A dishevelled man sits in a shop doorway holding an empty coffee cup containing a few pennies.
Next to him is a brown cardboard sign with the words ‘homeless’ scrawled across it and he calls out: “Can you spare some change, please?”
It is a question many people will have faced when they come across someone begging in the street.
Nottingham City Council believed it had the answer.
But its series of hard-hitting posters telling the public not to hand over their cash to beggars have since been banned by the Advertising Standards Authority.
The ASA said the posters, which claimed money given to beggars would be used on drugs, alcohol and fraud, reinforced “negative stereotypes” and were likely to cause offence.
New figures released on Wednesday showed homelessness in England has risen to its highest level for nearly 10 years.
A total of 15,170 households were classed as homeless in the three months to June 2016 – a jump of 10% on the same period last year, according to figures from Department for Communities and Local Government.
With more people suffering from homelessness, the general public may feel they wish to give cash to those sleeping rough.
But London-based homeless charity Thames Reach said handing over money to beggars “can have fatal consequences”.
Its outreach teams estimate 80% of people begging in the capital do so to support a drug habit which is often an addiction to substances including crack cocaine and heroin.
Communications manager Mike Nicholas said: “Most people begging are not individuals in temporary difficulties, but people who are dependent on a begging income.
“This is almost certainly to fund a serious drug habit. There is no need to beg on the streets in 2016.
“As an organisation that has worked with people on the street since 1984, we have seen many lives damaged by hard drugs and alcohol misuse.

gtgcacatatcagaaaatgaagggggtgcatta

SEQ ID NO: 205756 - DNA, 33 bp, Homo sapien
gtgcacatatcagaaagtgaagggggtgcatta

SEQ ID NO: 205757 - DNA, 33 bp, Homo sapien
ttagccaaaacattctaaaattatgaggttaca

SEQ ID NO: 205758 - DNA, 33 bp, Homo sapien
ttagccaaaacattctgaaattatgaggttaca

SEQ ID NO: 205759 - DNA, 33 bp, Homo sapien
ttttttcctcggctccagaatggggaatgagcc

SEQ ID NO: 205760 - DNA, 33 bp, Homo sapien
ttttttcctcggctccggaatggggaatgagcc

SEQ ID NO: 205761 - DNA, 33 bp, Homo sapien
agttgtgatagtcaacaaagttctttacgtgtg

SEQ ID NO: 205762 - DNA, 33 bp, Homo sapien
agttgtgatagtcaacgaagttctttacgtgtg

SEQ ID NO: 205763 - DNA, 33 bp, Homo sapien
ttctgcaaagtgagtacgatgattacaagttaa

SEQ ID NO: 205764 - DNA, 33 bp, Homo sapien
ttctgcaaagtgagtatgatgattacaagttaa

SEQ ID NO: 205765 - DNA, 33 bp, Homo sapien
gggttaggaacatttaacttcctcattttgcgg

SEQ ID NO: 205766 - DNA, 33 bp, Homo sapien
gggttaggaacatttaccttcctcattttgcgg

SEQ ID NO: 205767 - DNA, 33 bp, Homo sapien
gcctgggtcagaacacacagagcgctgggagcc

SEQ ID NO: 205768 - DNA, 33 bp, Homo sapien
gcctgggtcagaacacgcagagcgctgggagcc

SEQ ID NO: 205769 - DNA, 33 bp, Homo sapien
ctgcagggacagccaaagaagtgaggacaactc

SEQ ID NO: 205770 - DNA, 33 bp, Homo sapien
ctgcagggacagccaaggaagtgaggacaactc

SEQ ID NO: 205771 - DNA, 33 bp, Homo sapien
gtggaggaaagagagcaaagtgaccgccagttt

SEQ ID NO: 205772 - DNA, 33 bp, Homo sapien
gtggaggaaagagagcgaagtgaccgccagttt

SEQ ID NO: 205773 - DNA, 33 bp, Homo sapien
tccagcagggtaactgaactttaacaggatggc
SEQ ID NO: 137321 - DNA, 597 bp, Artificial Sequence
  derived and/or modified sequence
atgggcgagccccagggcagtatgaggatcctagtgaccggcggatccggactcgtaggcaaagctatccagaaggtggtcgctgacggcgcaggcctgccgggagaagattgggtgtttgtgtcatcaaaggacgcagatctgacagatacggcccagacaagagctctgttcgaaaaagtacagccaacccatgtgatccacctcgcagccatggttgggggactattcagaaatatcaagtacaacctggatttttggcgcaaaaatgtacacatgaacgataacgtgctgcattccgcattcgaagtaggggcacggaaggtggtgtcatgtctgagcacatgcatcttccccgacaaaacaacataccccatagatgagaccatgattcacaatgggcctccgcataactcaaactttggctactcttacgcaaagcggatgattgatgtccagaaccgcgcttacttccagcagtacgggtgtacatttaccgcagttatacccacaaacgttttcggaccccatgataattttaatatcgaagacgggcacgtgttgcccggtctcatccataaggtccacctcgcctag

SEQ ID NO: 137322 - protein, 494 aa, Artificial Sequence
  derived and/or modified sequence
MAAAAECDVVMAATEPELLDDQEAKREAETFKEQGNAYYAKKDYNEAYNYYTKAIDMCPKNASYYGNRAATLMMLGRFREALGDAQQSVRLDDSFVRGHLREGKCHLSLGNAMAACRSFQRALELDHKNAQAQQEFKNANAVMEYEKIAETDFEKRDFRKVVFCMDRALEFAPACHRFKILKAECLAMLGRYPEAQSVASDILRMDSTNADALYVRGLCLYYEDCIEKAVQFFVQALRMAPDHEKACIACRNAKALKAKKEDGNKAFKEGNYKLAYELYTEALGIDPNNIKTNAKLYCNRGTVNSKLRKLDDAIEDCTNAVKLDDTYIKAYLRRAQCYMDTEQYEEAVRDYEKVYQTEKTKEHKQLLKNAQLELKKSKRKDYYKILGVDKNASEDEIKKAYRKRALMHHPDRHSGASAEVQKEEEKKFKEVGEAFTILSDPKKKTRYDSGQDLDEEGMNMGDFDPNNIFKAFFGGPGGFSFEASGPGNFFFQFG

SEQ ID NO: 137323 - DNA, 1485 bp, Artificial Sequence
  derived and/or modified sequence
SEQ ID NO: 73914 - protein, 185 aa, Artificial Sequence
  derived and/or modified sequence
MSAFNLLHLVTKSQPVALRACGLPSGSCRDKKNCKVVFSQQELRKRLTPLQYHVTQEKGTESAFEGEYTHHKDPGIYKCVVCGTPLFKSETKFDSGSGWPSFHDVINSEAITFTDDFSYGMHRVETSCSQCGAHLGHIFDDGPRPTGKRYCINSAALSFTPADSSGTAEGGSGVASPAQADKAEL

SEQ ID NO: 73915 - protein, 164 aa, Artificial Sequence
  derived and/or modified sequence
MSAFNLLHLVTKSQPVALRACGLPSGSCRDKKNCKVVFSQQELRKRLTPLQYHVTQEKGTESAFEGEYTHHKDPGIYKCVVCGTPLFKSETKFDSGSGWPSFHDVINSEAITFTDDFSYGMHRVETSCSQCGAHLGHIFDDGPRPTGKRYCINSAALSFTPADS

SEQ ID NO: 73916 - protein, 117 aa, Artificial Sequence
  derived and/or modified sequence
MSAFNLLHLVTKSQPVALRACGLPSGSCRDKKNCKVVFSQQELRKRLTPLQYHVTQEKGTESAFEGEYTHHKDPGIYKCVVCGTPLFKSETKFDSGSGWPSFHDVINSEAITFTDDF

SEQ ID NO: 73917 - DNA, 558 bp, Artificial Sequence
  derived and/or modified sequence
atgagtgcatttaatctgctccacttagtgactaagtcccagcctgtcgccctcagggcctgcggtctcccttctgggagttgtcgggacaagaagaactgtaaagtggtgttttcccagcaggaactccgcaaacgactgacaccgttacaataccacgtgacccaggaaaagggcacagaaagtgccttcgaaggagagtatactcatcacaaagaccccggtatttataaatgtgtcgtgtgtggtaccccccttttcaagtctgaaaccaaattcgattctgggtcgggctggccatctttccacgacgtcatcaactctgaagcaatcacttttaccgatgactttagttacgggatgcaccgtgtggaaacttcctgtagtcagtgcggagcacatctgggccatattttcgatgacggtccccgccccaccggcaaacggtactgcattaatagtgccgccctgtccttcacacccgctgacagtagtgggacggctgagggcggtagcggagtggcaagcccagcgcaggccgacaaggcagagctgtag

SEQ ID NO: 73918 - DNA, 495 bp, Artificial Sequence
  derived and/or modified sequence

“We have even lost people through overdoses in situations where a significant portion of the money they spent on drugs came from members of the public giving loose change
“Giving to people who beg is not a benign act. It can have fatal consequences.”
Jerry was homeless for around nine years and used to beg to fund his drug habit.
He now has his own flat and is clean from drugs after receiving help from Thames Reach.
He said: “To be quite honest I thought I’d die on the street.
“You wouldn’t let a dog have lived the way that I was living. I lived from hand-to-mouth, day-to-day. My health, my hygiene had totally gone. I used day-to-day and I used to keep my survival. My survival out there, my coping mechanism was drink and drugs and it took me to a place I didn’t expect to go.”
Jerry said he used to wake up every morning “wanting to die”.
“[My flat] has given me that chance to get clean, stay clean and look at re-educating myself and going back to work and becoming like everyone I sort of frowned upon,” he said.
“Everyone who I took from when I was out there begging and using, to become one of those people.”
Government figures for 2015 also found the number of rough sleepers on any one night in England has risen by almost 30% in the last year to 3,569.
Homeless charity Crisis said the rise in homelessness was due to the shortage of housing and ongoing effects of the economic recession combined with government policies.
It said those who beg were often struggling with “extreme poverty” but the decision on whether to hand over money was a “personal” choice.
A charity spokesman said: “Whether or not people give money to beggars is a personal decision, but we know from our own clients how important a simple act of kindness can be to those in desperate circumstances.
“Not everyone who begs is homeless and not all homeless people will beg. Nevertheless, people who do beg are often some of the most vulnerable in our society, and many will be struggling with extreme poverty.
“We need better support services for all homeless people, not just the most visible who are on the street.”
Both charities say that the public can help the homeless without giving over money to those begging.
They say making a donation to a homeless charity, engaging rough sleepers in conversation or volunteering time are other ways of providing support.
Homeless charities also suggest contacting a local referral or outreach service if there are concerns about any rough sleeper.